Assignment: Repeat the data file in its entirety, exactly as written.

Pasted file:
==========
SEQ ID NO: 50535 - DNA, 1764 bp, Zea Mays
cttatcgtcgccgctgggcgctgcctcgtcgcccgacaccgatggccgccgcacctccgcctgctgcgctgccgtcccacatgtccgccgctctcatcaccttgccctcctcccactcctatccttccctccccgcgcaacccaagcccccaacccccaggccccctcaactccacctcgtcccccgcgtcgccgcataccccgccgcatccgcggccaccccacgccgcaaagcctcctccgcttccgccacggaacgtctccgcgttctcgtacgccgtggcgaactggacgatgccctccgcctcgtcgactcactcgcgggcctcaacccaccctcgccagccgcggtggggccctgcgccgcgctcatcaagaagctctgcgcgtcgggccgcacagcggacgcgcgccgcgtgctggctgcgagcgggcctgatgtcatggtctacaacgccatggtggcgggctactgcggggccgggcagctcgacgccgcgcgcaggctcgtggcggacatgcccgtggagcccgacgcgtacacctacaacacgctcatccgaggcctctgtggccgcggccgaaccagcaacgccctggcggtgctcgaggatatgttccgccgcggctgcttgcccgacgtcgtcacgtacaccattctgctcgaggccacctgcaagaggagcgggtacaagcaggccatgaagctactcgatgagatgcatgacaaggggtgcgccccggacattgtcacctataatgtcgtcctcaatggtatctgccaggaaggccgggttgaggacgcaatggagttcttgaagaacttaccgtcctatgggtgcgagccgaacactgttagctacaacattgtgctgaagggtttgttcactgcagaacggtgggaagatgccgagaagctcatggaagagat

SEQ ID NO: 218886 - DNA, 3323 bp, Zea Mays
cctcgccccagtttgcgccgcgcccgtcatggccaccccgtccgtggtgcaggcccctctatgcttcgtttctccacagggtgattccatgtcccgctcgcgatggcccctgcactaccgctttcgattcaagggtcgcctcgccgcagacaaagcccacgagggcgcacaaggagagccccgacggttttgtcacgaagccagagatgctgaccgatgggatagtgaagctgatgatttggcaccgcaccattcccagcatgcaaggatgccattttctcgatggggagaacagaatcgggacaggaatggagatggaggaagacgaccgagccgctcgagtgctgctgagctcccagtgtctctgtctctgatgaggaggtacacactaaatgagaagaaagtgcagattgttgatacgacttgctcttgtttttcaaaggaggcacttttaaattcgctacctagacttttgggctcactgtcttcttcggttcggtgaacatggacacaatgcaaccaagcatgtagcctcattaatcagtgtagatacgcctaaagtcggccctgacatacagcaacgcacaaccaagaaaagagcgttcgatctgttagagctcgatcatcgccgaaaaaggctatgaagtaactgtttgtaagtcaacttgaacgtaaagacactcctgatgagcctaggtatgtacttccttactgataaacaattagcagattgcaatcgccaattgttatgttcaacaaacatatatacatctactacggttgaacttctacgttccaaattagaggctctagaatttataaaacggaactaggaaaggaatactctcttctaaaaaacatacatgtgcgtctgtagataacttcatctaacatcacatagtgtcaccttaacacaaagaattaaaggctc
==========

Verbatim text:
SEQ ID NO: 50535 - DNA, 1764 bp, Zea Mays
cttatcgtcgccgctgggcgctgcctcgtcgcccgacaccgatggccgccgcacctccgcctgctgcgctgccgtcccacatgtccgccgctctcatcaccttgccctcctcccactcctatccttccctccccgcgcaacccaagcccccaacccccaggccccctcaactccacctcgtcccccgcgtcgccgcataccccgccgcatccgcggccaccccacgccgcaaagcctcctccgcttccgccacggaacgtctccgcgttctcgtacgccgtggcgaactggacgatgccctccgcctcgtcgactcactcgcgggcctcaacccaccctcgccagccgcggtggggccctgcgccgcgctcatcaagaagctctgcgcgtcgggccgcacagcggacgcgcgccgcgtgctggctgcgagcgggcctgatgtcatggtctacaacgccatggtggcgggctactgcggggccgggcagctcgacgccgcgcgcaggctcgtggcggacatgcccgtggagcccgacgcgtacacctacaacacgctcatccgaggcctctgtggccgcggccgaaccagcaacgccctggcggtgctcgaggatatgttccgccgcggctgcttgcccgacgtcgtcacgtacaccattctgctcgaggccacctgcaagaggagcgggtacaagcaggccatgaagctactcgatgagatgcatgacaaggggtgcgccccggacattgtcacctataatgtcgtcctcaatggtatctgccaggaaggccgggttgaggacgcaatggagttcttgaagaacttaccgtcctatgggtgcgagccgaacactgttagctacaacattgtgctgaagggtttgttcactgcagaacggtgggaagatgccgagaagctcatggaagagat

SEQ ID NO: 218886 - DNA, 3323 bp, Zea Mays
cctcgccccagtttgcgccgcgcccgtcatggccaccccgtccgtggtgcaggcccctctatgcttcgtttctccacagggtgattccatgtcccgctcgcgatggcccctgcactaccgctttcgattcaagggtcgcctcgccgcagacaaagcccacgagggcgcacaaggagagccccgacggttttgtcacgaagccagagatgctgaccgatgggatagtgaagctgatgatttggcaccgcaccattcccagcatgcaaggatgccattttctcgatggggagaacagaatcgggacaggaatggagatggaggaagacgaccgagccgctcgagtgctgctgagctcccagtgtctctgtctctgatgaggaggtacacactaaatgagaagaaagtgcagattgttgatacgacttgctcttgtttttcaaaggaggcacttttaaattcgctacctagacttttgggctcactgtcttcttcggttcggtgaacatggacacaatgcaaccaagcatgtagcctcattaatcagtgtagatacgcctaaagtcggccctgacatacagcaacgcacaaccaagaaaagagcgttcgatctgttagagctcgatcatcgccgaaaaaggctatgaagtaactgtttgtaagtcaacttgaacgtaaagacactcctgatgagcctaggtatgtacttccttactgataaacaattagcagattgcaatcgccaattgttatgttcaacaaacatatatacatctactacggttgaacttctacgttccaaattagaggctctagaatttataaaacggaactaggaaaggaatactctcttctaaaaaacatacatgtgcgtctgtagataacttcatctaacatcacatagtgtcaccttaacacaaagaattaaaggctc